General Map of the Orange and
Alexandria Railroad and its connections north, south and west.
The Orange & Alexandria Railroad was chartered in 1848 and proposed to run between Alexandria and Gordonsville. The standard gauge line was completed in 1854, at which time the railroad began extending its line south from Gordonsville to Charlottesville.
The Orange & Alexandria Railroad became an important link for the region; transporting goods and passengers throughout the south with the aid of convenient connections.
In the years leading up to the civil war, the slave trade was outlawed in the capital city of Washington, but still practiced in Alexandria.
During the civil war, Richmond was the capital of the Confederacy. At that time both Richmond and Washington could be reached aboard the Orange & Alexandria, and its connections.
In 1854 the Manassas Gap through the Blue Mountains was completed joining the Orange & Alexandria Railroad at what became known as Manassas Junction. The junction gained much attention during the American Civil War, as several major battles were fought there including the First and Second Battle of Bull Runs.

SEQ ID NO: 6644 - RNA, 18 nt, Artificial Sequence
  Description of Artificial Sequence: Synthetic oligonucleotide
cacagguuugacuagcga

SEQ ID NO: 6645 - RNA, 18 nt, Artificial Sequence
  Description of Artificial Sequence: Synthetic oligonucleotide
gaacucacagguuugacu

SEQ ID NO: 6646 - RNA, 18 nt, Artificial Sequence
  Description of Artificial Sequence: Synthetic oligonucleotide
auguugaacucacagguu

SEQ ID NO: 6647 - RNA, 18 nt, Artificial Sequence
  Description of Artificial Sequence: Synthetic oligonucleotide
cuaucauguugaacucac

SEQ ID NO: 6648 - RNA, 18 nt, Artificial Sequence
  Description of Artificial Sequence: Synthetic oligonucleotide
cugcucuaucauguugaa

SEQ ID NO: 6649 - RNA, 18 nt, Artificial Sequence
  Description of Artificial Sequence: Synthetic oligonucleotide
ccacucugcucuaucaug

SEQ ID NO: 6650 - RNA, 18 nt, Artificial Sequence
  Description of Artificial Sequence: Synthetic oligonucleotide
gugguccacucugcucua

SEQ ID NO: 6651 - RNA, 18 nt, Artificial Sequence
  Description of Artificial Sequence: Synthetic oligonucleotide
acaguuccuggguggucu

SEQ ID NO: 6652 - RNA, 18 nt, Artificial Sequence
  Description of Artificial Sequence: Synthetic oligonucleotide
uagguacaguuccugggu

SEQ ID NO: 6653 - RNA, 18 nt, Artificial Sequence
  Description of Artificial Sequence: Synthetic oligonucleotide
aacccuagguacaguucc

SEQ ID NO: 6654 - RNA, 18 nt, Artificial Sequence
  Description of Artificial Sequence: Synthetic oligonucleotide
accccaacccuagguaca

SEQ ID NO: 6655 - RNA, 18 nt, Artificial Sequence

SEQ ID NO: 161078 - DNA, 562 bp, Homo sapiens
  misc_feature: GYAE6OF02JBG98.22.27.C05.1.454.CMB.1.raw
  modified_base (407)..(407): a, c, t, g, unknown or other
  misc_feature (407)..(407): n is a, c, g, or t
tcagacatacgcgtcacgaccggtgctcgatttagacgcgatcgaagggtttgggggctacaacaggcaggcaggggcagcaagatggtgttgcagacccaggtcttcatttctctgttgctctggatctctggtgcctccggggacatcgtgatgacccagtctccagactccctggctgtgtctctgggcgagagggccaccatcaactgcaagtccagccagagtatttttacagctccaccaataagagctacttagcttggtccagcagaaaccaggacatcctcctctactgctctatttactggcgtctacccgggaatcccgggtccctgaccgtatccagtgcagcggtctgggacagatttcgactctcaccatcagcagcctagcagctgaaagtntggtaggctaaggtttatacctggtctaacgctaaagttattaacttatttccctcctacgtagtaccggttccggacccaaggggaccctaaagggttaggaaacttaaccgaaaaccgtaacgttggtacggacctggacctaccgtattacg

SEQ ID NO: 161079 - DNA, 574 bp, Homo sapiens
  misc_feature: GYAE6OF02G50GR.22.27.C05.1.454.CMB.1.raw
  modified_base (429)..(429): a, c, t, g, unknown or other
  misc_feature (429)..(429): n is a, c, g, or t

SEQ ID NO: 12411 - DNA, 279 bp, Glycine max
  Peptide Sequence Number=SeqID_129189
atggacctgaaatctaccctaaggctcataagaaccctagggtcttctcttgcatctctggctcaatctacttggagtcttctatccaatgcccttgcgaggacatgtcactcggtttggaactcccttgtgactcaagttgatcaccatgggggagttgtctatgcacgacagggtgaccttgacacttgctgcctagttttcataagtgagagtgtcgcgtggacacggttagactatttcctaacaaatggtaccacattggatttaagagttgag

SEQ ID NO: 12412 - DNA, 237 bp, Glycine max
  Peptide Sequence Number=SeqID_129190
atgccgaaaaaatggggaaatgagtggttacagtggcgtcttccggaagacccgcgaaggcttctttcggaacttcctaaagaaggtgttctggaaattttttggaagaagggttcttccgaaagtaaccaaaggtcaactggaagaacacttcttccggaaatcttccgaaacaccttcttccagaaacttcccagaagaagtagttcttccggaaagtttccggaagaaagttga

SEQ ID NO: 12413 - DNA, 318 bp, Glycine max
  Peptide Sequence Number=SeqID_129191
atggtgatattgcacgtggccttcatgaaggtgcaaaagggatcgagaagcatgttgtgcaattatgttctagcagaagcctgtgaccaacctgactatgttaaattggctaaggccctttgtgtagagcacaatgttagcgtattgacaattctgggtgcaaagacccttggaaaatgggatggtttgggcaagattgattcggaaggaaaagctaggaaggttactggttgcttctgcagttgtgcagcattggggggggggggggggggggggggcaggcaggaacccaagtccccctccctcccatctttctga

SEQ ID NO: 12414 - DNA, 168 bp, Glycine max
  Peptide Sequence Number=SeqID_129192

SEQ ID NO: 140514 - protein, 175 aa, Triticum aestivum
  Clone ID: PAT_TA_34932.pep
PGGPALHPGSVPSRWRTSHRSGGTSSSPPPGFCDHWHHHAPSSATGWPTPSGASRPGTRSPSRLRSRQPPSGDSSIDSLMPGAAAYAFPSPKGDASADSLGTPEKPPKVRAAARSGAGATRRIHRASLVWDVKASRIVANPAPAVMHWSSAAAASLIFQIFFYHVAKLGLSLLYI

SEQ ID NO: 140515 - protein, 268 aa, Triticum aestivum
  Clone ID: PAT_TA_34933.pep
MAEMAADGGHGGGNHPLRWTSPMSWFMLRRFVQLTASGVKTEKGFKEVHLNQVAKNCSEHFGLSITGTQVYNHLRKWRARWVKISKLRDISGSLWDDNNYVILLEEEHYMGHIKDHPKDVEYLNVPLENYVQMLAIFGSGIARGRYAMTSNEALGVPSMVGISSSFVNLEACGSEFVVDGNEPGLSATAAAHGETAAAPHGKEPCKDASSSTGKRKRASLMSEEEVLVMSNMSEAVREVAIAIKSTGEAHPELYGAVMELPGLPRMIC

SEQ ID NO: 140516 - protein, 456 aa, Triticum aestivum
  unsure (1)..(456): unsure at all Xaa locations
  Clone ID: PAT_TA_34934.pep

The Orange and Alexandria was constantly fought over during the war. By the war’s end the railroad was found to be mostly in disrepair. The line merged with the Manassas Gap Railroad in 1867 becoming the Orange, Alexandria & Manassas Railroad.
This outline map of the southeastern United States was published in 1851 by Ackerman Lithography. It shows cities, rivers, and clearly labeled railroad network.
Directions and routes to New Orleans and Memphis are listed below the map title. Chartered March 22, 1848. Opened to Gordonsville in 1854.